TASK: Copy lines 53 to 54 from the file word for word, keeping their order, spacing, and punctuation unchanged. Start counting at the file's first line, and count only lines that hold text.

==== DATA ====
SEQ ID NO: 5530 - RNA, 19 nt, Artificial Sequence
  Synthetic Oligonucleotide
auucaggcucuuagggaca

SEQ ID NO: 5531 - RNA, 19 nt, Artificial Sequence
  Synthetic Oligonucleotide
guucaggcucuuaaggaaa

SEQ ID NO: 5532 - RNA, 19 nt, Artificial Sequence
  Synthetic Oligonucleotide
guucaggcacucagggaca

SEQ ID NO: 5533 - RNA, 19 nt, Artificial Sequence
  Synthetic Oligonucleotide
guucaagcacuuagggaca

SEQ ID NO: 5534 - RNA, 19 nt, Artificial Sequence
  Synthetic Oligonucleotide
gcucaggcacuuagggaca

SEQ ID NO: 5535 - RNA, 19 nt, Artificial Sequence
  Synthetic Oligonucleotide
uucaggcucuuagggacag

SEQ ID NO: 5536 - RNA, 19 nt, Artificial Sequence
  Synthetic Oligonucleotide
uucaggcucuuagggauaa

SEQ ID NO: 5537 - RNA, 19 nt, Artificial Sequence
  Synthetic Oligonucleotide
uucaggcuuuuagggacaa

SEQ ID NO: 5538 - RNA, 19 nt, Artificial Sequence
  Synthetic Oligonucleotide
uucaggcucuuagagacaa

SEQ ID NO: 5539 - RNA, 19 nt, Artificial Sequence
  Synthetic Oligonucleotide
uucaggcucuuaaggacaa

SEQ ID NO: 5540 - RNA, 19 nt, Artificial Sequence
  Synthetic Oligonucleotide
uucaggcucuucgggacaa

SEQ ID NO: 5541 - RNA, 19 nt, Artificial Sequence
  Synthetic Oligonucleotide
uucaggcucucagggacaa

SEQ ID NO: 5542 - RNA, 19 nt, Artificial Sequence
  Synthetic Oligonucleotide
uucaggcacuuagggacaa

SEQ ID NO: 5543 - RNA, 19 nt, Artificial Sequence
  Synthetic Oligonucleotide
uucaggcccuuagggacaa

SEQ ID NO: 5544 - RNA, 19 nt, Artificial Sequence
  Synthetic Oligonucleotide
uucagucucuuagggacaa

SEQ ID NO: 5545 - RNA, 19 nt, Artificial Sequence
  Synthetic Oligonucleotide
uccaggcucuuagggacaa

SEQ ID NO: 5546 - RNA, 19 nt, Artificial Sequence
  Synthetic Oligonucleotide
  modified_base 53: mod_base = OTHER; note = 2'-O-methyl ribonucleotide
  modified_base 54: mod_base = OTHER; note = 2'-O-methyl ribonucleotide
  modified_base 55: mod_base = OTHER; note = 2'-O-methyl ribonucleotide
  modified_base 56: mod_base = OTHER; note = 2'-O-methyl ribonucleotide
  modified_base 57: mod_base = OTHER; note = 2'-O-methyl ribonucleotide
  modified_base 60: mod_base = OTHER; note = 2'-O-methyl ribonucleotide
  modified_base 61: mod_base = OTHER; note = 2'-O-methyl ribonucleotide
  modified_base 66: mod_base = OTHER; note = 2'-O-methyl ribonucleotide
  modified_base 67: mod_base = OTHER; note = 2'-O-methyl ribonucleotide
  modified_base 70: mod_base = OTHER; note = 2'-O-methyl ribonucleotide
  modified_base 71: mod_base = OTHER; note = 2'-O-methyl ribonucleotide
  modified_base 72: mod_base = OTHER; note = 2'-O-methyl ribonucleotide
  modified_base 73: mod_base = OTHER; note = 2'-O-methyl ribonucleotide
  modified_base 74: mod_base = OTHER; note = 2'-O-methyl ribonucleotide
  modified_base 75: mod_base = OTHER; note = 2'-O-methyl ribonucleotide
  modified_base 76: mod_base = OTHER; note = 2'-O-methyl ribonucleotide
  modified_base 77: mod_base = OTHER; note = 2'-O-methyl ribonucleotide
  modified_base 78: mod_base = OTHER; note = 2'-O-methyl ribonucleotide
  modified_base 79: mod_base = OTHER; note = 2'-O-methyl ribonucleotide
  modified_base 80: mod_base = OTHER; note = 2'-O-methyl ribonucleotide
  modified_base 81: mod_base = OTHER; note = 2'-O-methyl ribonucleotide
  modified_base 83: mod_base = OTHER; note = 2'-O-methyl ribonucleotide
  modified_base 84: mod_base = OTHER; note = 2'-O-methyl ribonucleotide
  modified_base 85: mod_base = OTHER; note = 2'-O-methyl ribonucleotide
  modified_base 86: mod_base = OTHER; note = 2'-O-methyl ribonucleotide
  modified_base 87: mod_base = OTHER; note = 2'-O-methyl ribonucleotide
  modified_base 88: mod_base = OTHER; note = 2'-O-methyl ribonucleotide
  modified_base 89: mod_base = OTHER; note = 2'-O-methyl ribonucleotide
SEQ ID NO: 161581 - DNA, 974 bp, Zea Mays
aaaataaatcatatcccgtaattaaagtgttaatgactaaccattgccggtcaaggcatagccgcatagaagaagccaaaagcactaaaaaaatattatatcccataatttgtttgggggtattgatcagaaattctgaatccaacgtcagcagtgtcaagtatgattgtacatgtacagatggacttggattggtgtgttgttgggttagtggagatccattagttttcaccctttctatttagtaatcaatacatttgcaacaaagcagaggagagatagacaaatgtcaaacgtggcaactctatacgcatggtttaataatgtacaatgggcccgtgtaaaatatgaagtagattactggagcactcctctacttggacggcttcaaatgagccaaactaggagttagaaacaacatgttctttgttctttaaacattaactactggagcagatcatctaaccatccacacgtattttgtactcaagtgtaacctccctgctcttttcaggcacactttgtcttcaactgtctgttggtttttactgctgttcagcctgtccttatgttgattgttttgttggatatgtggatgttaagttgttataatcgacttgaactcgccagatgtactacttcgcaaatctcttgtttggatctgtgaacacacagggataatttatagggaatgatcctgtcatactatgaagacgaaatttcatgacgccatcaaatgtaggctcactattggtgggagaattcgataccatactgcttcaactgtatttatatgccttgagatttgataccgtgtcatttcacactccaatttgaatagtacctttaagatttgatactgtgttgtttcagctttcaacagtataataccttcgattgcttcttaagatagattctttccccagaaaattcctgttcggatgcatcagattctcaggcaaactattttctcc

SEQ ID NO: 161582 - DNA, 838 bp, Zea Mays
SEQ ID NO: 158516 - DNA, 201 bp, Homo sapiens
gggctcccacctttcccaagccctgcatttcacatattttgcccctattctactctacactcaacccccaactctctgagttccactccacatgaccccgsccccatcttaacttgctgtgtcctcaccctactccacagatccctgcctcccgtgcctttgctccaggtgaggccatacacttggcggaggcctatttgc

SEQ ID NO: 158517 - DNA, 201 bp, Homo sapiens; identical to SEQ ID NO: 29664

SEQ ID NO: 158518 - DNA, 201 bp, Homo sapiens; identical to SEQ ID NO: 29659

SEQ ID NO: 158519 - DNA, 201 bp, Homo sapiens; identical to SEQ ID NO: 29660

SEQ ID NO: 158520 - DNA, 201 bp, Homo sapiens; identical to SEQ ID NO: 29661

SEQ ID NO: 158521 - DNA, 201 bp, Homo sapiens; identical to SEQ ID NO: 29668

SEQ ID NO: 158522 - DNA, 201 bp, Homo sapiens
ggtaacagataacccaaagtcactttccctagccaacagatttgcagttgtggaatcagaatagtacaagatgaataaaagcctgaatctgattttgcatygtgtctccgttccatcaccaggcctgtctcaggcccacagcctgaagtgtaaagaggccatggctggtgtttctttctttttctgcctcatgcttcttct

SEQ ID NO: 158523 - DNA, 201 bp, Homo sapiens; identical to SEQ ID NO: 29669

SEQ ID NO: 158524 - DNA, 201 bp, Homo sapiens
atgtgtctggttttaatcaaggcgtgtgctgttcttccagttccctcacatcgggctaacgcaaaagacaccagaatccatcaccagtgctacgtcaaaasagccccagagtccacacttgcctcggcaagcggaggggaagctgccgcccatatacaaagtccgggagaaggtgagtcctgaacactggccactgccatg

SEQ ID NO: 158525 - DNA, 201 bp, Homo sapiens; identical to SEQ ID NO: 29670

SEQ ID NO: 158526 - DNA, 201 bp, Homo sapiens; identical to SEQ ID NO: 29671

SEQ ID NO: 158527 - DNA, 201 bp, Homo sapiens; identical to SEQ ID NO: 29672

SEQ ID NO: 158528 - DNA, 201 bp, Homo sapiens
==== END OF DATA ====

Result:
  modified_base 55: mod_base = OTHER; note = 2'-O-methyl ribonucleotide
  modified_base 56: mod_base = OTHER; note = 2'-O-methyl ribonucleotide